A Mud Hens team played in the Interstate League from 1896 through 1900, then the Western Association in 1901, the American Association from 1902 through 1913, the Southern Michigan League in 1914, and retuned to the American Association from 1916 to 1952.[2]:95

Mid-season in 1952, Mud Hens owner Danny Menendez moved the Mud Hens to Charleston, West Virginia,[3] where they competed as the Charleston Senators through 1960. Toledo fielded a replacement franchise in the American Association from 1953 to 1955, the Toledo Sox, which was the former Milwaukee Brewers minor-league team. That franchise subsequently moved to Wichita, Kansas, for the 1956 season, where it competed as the Wichita Braves through 1958.

History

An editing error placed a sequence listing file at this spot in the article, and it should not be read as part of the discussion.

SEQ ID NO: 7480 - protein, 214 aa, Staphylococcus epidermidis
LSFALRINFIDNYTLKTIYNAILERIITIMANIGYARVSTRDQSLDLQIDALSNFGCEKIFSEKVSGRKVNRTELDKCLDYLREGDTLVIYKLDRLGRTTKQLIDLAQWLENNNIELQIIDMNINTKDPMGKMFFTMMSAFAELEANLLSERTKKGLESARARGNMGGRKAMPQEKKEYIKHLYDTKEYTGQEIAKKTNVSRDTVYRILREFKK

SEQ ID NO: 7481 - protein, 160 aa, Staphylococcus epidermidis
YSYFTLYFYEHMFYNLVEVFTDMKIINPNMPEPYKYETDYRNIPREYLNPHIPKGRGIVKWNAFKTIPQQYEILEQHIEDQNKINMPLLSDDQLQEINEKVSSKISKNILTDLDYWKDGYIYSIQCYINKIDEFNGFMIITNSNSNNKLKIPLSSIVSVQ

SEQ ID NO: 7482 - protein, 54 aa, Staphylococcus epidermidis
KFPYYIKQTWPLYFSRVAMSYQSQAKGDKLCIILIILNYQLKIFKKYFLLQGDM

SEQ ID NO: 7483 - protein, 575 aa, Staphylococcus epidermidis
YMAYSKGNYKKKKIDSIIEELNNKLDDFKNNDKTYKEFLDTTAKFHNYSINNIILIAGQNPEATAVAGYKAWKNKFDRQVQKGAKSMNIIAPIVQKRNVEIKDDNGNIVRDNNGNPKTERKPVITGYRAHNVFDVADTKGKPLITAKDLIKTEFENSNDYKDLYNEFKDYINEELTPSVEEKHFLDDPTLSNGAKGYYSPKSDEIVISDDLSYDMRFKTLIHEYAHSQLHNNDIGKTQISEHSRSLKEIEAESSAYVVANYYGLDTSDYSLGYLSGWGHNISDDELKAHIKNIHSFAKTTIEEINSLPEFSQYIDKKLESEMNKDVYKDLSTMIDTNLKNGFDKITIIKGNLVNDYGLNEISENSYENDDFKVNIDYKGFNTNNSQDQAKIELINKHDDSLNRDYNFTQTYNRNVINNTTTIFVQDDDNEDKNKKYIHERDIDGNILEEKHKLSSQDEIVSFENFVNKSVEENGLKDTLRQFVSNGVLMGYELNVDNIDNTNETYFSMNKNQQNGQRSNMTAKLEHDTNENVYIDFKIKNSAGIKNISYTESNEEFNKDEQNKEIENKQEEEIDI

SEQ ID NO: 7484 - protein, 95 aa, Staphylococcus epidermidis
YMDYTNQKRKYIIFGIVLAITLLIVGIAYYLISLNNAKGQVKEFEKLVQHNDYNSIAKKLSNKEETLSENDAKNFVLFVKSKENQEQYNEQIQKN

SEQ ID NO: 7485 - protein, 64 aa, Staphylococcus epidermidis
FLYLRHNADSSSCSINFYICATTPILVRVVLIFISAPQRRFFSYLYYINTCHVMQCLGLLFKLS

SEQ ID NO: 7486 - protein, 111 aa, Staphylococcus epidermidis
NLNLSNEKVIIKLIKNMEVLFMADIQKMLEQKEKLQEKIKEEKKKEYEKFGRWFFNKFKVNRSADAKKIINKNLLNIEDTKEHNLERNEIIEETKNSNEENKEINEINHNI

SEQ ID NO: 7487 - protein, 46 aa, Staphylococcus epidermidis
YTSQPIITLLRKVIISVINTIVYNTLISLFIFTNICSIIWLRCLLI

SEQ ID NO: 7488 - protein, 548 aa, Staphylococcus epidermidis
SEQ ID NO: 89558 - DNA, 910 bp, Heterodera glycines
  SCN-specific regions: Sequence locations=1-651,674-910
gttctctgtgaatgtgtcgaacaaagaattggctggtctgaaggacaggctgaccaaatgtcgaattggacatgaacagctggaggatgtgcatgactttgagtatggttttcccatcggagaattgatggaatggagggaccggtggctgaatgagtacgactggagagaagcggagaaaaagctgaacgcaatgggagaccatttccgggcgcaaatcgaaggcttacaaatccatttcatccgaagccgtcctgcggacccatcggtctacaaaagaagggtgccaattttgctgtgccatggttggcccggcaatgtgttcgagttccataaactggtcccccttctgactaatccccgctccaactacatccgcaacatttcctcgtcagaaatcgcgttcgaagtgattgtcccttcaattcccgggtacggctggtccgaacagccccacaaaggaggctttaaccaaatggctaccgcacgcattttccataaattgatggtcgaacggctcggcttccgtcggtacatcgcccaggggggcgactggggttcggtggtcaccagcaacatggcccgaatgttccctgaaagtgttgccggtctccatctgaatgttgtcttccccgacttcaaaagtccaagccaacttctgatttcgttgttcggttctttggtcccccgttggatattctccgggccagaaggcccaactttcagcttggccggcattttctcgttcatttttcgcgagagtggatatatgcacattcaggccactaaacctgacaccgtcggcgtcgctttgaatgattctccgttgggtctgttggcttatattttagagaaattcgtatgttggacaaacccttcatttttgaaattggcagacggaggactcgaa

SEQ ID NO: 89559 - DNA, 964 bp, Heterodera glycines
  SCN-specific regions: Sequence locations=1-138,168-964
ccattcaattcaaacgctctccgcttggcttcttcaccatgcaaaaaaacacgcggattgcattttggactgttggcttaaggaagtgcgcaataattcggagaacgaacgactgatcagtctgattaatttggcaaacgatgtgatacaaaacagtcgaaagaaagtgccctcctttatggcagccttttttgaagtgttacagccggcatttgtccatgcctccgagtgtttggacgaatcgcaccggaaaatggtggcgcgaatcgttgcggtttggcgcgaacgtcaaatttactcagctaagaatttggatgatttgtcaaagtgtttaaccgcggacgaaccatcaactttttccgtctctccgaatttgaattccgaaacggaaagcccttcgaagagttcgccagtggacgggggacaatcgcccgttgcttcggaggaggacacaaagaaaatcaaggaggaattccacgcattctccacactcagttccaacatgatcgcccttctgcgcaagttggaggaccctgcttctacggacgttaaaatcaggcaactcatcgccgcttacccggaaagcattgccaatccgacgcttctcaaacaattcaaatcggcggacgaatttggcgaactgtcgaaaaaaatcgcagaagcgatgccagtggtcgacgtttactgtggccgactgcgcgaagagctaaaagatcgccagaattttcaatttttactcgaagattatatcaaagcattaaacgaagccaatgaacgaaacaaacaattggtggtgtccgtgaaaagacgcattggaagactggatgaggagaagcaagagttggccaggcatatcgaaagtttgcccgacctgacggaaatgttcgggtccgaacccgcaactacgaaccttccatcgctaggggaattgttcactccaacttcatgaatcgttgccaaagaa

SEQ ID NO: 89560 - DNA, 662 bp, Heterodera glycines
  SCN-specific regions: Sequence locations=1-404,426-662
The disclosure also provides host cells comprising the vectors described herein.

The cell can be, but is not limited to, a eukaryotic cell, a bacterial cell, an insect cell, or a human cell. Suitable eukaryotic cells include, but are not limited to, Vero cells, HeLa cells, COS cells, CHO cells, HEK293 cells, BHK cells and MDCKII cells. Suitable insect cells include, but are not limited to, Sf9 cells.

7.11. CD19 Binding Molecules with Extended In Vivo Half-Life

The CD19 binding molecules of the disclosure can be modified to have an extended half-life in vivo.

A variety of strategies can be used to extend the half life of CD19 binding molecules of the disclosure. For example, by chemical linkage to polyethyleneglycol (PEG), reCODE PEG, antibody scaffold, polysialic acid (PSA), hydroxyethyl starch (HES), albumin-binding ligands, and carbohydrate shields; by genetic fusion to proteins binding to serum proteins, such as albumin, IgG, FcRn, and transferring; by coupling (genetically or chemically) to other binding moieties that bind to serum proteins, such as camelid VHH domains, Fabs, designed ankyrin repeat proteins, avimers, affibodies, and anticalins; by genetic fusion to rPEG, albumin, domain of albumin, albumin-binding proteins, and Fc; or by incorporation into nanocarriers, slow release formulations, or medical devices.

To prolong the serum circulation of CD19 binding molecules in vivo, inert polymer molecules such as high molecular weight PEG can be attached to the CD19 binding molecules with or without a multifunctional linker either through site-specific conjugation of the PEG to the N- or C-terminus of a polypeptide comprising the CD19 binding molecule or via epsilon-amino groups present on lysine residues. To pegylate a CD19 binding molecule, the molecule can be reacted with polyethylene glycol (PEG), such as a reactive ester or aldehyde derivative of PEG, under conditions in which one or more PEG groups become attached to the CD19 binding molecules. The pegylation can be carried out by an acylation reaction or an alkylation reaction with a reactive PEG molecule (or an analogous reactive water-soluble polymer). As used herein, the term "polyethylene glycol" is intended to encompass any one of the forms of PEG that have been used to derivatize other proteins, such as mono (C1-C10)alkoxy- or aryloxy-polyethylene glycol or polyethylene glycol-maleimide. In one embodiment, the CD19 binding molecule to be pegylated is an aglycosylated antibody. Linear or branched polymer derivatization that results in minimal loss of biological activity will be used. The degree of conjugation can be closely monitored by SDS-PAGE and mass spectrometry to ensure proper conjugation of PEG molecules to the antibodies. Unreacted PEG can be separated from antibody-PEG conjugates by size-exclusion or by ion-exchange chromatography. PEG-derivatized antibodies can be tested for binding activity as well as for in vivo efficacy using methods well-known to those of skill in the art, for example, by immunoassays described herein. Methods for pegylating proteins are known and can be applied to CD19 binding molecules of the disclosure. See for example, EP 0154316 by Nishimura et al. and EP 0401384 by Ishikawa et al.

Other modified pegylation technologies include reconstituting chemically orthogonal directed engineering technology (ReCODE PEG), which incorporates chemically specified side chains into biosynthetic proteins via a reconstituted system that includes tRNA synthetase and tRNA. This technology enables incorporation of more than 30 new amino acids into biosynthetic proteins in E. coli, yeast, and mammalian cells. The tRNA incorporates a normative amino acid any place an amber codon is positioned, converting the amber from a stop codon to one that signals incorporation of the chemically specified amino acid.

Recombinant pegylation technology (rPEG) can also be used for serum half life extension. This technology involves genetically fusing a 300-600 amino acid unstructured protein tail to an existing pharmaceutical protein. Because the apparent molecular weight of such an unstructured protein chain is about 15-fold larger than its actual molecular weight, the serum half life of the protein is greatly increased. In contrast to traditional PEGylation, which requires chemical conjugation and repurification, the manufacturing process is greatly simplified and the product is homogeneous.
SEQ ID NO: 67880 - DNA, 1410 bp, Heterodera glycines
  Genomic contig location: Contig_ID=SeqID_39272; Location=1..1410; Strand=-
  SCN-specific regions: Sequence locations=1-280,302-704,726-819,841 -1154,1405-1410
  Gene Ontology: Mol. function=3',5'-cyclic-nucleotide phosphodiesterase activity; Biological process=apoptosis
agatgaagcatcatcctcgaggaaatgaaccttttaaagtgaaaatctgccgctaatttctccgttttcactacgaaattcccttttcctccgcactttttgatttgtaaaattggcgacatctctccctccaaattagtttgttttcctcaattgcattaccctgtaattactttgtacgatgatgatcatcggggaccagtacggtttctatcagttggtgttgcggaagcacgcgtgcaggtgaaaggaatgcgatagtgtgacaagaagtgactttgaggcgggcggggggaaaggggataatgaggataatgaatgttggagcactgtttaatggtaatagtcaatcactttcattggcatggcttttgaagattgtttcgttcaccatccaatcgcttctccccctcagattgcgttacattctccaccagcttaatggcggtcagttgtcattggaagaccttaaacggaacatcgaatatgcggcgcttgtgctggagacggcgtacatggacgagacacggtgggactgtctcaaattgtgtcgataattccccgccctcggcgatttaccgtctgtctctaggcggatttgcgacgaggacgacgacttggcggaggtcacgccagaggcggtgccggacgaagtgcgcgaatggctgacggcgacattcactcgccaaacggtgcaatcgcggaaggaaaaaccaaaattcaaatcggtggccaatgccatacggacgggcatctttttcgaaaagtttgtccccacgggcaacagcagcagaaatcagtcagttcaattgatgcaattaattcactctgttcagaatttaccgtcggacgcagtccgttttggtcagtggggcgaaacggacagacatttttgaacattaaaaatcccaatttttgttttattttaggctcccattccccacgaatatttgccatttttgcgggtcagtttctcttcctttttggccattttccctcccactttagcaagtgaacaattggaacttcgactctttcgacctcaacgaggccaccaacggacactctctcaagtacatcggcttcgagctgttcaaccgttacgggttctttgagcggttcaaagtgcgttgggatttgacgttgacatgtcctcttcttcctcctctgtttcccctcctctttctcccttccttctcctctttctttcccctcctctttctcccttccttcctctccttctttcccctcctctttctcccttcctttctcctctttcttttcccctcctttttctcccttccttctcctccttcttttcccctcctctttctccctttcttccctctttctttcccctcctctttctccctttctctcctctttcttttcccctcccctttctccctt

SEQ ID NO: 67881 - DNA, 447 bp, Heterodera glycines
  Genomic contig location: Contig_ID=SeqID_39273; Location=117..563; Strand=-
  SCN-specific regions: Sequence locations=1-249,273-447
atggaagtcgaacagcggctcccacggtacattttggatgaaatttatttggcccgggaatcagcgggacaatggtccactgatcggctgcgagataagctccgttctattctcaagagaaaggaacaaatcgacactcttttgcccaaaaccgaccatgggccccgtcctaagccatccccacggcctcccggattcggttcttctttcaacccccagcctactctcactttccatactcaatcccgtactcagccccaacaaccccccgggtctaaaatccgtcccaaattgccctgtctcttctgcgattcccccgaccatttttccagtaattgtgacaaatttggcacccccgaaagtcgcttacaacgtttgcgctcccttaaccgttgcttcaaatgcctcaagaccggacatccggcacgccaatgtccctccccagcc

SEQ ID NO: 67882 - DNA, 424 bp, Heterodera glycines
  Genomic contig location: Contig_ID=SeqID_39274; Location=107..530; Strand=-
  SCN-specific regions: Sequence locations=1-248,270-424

An International League franchise moved to Toledo from Richmond, Virginia in 1965 adopting the Mud Hens name to become the current incarnation of the Toledo Mud Hens. However they were based in Maumee, Ohio at the converted Fort Miami Fairgrounds. The local ownership group led by Ned Skeldon signed with the New York Yankees to be its top minor league team. In 1967, the Detroit Tigers replaced the Yankees as its major league affiliate. That year, the team was third in the league but claimed the Governor's Cup via the four team playoff. The next year the team won a record 83 games and the league pennant, while failing to win the cup again. The team was affiliated with Detroit until 1974. In 1974 and 1975, the Phillies affiliated with the Mud Hens, followed by two years affiliated with Cleveland Indians. All four seasons were losing seasons.[1]pg. 77